Of the two types of laser printers we have, they peel differently. The older type, the two Formlabs Form 2 printers we have (2015 technology), move the tank in one direction, to the side, when peeling. Our Form 2s put enormous stress on models when printing. Their print quality is superb with very, very smooth surfaces. But they can't print small scale Oerlikon barrels, Bofors barrels or fine handrungs on 1/350 scale turrets, for excample, without warping them. To prevent warping, more supports are required. But the supports quickly smother smaller models and details making the models unusable by the modeler. The typical modeler can't remove the supports without damaging the model.
The other type of printer we have is the successor to the Form 2, the Form 3 (2019 technology). The Form 3 peels in two directions, not just one, to the side and down, as if you were peeling a Band Aid bandage off of your skin. The Form 3 puts a lot less stress on models and therefore can print smaller features that our Form 2s can't. Our Form 3 can print Spandau machineguns, for example. Our Form 2s can't print Spandaus. Our Form 2s break the cooling jackets during layer peeling and warp the model.
But because the Form 3 also peels in the downward direction, not just to the side, our Form 3 tends to pull on new, soft layers in a way that closes off small openings like 1/700 scale portholes. So we use our Form 2s to print objects with small openings like porthole-festooned superstructures and we use our Form 3 to print more solid objects like turrets and directors and fragile models like Spandau machineguns.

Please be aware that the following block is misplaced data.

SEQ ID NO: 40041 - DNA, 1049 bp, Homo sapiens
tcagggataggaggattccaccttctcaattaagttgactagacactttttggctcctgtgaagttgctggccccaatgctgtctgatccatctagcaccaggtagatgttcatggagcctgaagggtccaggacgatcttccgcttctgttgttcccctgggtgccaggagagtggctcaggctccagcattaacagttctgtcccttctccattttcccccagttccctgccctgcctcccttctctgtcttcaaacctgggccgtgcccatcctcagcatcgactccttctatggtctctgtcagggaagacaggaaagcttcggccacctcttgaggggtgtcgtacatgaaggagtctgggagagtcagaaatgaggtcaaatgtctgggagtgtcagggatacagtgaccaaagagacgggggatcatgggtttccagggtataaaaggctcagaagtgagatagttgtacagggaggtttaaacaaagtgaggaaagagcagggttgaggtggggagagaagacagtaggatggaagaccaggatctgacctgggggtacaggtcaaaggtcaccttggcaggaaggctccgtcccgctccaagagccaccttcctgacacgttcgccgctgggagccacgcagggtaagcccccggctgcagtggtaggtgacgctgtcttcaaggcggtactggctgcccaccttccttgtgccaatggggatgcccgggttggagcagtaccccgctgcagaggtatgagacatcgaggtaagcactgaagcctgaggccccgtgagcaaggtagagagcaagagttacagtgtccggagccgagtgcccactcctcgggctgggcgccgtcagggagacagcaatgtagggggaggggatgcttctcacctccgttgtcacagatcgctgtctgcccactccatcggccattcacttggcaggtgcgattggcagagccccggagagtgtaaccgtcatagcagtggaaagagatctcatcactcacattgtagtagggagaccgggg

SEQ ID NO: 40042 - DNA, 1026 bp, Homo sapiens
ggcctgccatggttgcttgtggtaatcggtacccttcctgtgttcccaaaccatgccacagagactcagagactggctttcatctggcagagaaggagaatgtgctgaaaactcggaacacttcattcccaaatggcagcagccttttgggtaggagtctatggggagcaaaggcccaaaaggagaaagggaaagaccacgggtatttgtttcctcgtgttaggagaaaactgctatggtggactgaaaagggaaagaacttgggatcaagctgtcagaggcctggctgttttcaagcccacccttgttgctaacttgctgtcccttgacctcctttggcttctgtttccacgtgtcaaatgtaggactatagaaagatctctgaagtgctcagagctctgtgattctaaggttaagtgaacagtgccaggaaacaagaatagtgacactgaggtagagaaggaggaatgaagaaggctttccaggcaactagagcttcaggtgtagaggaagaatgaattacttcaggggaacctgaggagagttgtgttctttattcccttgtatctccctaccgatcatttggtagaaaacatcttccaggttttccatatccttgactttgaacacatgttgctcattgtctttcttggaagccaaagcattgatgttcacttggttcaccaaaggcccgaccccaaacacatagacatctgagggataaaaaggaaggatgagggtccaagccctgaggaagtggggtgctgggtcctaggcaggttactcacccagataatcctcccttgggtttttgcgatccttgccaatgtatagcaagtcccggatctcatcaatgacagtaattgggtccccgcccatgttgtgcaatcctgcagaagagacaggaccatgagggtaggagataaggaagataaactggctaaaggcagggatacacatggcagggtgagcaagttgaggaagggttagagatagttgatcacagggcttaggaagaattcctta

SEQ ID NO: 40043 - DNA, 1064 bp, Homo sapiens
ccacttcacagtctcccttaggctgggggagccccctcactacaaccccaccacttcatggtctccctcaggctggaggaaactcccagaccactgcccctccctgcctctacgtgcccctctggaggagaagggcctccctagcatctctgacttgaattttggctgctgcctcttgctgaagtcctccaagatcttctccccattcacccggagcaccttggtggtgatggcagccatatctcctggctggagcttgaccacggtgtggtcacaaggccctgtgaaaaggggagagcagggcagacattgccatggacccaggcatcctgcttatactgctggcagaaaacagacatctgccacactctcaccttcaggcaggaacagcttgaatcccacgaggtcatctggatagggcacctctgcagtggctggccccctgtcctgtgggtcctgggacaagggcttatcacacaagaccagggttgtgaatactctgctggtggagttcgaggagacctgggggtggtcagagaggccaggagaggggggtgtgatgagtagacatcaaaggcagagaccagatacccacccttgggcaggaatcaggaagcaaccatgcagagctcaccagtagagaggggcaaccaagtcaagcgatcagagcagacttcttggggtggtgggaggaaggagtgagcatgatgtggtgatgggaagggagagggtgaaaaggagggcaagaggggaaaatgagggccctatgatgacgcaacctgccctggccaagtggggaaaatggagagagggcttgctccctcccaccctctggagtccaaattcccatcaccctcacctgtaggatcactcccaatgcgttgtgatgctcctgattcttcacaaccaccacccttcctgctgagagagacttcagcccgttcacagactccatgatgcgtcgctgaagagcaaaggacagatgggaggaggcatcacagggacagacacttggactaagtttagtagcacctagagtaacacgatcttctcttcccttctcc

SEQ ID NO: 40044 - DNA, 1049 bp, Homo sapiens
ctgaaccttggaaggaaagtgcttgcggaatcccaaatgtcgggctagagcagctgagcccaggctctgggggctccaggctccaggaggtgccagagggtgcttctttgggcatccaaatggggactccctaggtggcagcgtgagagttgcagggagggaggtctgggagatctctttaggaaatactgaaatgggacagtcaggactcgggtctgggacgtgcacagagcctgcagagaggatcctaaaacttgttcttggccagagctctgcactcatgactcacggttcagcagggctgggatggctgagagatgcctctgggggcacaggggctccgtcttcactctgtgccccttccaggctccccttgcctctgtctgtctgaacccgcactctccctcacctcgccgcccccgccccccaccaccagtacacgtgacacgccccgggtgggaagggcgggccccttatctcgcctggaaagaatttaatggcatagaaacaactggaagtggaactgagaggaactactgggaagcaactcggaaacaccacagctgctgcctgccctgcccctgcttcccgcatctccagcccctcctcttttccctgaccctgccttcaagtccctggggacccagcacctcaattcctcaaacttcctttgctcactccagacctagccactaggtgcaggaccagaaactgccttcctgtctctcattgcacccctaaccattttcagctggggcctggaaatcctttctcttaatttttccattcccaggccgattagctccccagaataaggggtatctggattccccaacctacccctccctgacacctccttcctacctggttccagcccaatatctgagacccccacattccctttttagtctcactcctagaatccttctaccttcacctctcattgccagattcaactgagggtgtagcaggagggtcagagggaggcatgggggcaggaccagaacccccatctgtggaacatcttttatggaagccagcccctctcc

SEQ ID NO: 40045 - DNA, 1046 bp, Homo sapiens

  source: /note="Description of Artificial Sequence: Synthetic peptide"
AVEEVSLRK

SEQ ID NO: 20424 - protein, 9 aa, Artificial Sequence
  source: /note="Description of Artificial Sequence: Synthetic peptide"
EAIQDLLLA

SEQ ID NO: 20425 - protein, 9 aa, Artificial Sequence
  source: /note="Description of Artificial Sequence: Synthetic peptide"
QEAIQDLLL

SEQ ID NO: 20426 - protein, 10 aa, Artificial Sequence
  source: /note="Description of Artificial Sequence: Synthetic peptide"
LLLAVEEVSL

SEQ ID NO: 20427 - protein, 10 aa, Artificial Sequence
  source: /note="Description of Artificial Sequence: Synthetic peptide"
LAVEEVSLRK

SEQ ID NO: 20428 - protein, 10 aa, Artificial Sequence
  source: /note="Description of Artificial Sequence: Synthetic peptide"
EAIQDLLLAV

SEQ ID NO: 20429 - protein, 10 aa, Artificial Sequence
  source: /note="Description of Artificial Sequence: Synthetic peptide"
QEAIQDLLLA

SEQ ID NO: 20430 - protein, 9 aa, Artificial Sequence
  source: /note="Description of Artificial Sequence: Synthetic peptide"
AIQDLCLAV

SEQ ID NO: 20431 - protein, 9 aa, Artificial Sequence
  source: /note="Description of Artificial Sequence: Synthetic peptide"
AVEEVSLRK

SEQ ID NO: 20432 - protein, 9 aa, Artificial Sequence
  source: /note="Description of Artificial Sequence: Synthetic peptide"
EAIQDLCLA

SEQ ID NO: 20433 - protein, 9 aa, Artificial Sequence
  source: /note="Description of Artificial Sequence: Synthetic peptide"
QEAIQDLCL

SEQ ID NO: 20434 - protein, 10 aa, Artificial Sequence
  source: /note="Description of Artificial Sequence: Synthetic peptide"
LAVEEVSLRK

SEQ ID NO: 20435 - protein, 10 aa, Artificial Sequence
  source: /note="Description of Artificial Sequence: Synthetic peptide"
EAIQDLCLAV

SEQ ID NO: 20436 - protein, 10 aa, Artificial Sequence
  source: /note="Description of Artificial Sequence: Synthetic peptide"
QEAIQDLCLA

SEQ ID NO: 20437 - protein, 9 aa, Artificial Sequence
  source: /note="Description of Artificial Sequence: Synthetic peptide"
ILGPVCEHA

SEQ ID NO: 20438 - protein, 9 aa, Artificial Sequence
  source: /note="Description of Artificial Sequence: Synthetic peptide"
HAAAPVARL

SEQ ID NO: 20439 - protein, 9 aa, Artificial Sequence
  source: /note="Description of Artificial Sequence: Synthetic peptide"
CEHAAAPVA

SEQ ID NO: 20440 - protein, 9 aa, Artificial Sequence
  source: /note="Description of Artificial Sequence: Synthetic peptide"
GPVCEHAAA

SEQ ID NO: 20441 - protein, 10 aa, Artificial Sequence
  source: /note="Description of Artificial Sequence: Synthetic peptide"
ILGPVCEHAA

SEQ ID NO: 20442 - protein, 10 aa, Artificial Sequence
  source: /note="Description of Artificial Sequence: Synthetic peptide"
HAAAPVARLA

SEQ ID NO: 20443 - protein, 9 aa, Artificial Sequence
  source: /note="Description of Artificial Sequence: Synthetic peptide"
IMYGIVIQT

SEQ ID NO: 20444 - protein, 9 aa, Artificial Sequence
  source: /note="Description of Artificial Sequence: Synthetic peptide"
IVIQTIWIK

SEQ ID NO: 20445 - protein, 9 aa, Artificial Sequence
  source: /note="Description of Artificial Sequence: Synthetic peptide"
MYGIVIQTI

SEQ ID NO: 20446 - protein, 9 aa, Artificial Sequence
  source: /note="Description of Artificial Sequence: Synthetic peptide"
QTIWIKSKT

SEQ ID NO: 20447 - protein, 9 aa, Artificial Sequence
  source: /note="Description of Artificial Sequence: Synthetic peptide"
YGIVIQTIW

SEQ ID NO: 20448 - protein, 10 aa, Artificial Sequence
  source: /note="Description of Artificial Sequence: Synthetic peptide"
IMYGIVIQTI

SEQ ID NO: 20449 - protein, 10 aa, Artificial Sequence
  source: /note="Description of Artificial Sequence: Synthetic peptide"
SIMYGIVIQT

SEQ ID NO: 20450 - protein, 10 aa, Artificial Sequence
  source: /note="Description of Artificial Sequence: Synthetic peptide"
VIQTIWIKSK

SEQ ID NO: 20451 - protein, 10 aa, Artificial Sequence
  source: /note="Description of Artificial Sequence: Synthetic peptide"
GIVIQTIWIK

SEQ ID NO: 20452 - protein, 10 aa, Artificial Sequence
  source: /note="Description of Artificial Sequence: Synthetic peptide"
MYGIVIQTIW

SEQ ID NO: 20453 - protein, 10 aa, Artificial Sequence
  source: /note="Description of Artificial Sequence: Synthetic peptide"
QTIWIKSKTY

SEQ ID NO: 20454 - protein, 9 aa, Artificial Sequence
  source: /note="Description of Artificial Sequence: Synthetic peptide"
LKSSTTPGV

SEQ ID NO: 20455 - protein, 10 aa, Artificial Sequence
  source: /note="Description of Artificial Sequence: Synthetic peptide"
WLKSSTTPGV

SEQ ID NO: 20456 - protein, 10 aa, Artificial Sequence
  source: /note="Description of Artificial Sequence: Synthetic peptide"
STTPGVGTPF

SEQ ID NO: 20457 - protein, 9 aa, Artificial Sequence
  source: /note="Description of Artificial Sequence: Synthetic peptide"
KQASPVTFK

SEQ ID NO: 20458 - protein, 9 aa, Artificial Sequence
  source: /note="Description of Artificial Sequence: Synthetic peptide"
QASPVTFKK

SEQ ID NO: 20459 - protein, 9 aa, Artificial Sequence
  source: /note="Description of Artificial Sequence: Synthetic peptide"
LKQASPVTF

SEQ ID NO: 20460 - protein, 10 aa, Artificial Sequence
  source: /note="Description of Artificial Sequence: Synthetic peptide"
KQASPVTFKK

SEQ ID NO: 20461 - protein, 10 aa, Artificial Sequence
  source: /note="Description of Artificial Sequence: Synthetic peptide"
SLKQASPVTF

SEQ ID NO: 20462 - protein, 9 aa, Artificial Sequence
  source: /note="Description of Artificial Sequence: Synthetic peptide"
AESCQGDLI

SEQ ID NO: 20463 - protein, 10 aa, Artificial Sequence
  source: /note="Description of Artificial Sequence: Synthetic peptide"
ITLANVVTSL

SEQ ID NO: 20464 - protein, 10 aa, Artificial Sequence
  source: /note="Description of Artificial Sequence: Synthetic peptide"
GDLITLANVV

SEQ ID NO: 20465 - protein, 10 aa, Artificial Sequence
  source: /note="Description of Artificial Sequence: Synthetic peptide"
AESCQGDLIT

None of our machines can print 1/700 scale Oerlikons or Bofors barrels, sights or shoulder harnesses. They can't print them in 1/350 scale either. Although the laser can easily form those features, our Formlabs printers put too much stress on the models during peeling and break those features during printing.
A B9 Core 550, for example, uses an LED screen and uses very low-force peeling technology so it can print small features like handrungs and radar antennas. But at $14,000 per printer, we won't be buying one. We can't afford it.
But other more affordable LED screen printers are being released, now, and are becoming within budgetary reach. So, the next machines we will acquire will be LED screen types optimized for very small models, those that can print small barrels and handrungs. We hope to make that purchase in late 2023 or early 2024, depending on 2023 earned revenue.
Thanks to all who buy our models!